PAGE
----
Furthermore, the childrens of Tapuitea are half-casts, why should they be given a piece of Samoan land such as this land Tuasavaii. I am a Samoan Matai, and my father was also a matai before me .

Samia v. Tapuitea, supra (No.1-1937), claim of Samia F.

By arranging to have their land and houses classified according to the fa’a papalagi rather than the fa’a Samoa, Charles and Tapuitea King protected their children from anyone who might have regarded papalagi blood as just cause for dispossession. In so doing they unavoidably subjected the property to rules of law derived from the Anglo-American tradition, including the rule that a widow has an interest in her husband’s property.

If the evidence showed that Mele was occupying an unduly large part of the property belonging to the King estate, the Court might issue a temporary order apportioning the use of the property among the various heirs until a partition could be effected. It appears, however, that her quarters contain only two bedrooms; that another part of the same house containing at least two bedrooms is currently being rented out by Thelma; that Thelma and her husband live in a six-bedroom house on Tuasavai’i; and that the only other King heir now residing permanently in Samoa, plaintiff Nicholas King Jr. , resides in his own house on the same land.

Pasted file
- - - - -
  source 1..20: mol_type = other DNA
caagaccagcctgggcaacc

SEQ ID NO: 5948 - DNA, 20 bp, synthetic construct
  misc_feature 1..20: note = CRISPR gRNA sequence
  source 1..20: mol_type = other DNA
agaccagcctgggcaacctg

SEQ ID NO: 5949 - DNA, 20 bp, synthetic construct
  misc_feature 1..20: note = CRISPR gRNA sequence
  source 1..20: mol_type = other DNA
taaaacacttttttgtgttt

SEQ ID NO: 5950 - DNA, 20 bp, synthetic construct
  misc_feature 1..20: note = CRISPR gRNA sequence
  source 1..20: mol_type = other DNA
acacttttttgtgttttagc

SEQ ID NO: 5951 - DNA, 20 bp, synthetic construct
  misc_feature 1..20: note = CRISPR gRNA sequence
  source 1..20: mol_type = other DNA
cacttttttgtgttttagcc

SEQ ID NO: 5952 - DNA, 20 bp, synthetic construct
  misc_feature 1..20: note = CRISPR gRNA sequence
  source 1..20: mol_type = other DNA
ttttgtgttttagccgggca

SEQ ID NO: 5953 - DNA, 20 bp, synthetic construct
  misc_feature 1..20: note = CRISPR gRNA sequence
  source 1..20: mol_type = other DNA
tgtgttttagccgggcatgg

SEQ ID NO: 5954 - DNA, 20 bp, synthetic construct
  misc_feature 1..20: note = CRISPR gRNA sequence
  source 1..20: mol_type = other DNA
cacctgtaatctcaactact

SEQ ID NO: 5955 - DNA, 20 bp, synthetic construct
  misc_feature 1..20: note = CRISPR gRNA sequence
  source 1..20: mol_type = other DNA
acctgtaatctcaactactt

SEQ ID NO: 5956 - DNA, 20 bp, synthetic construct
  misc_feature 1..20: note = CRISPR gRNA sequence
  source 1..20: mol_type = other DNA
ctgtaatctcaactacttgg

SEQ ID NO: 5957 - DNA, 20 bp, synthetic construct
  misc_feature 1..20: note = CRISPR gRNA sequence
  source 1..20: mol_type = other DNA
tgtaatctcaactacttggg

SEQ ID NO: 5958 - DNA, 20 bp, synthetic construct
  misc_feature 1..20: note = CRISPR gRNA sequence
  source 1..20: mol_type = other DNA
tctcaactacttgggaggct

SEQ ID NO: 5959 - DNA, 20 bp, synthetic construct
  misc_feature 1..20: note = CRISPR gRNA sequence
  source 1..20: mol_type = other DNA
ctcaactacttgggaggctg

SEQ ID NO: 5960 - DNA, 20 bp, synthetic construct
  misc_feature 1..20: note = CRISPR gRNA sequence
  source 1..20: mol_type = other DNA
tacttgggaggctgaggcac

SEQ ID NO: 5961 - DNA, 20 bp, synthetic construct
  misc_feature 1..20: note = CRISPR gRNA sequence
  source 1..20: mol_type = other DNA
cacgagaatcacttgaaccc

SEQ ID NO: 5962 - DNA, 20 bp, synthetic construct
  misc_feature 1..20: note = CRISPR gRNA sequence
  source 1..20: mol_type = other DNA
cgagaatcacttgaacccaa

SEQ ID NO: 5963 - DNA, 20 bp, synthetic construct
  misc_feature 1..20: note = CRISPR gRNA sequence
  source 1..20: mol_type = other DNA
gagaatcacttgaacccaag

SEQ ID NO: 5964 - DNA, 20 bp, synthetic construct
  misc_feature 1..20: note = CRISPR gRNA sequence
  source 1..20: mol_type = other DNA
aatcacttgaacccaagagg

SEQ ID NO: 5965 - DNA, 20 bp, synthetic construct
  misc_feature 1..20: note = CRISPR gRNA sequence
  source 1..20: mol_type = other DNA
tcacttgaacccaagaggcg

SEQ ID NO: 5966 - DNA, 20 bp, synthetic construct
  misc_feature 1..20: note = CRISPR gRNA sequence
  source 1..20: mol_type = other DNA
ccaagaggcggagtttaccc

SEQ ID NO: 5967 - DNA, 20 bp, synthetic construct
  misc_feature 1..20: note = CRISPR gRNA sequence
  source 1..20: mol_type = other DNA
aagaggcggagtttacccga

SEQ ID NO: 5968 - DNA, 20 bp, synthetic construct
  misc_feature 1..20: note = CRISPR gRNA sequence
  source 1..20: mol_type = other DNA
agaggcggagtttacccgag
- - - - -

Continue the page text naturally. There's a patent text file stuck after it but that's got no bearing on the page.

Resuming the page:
The complaint charged that Mele had not only brought her children from a former marriage to live with her but was also renting part of the house to a paying tenant. At trial it appeared that the tenant had left. Subject to the right of any heir to seek a partition of the property, the current arrangement seems fair to all parties so long as [8ASR2d53] Mele uses her quarters only as a personal residence for herself and her children.

have taken her decision if her land and the

The complaint is dismissed.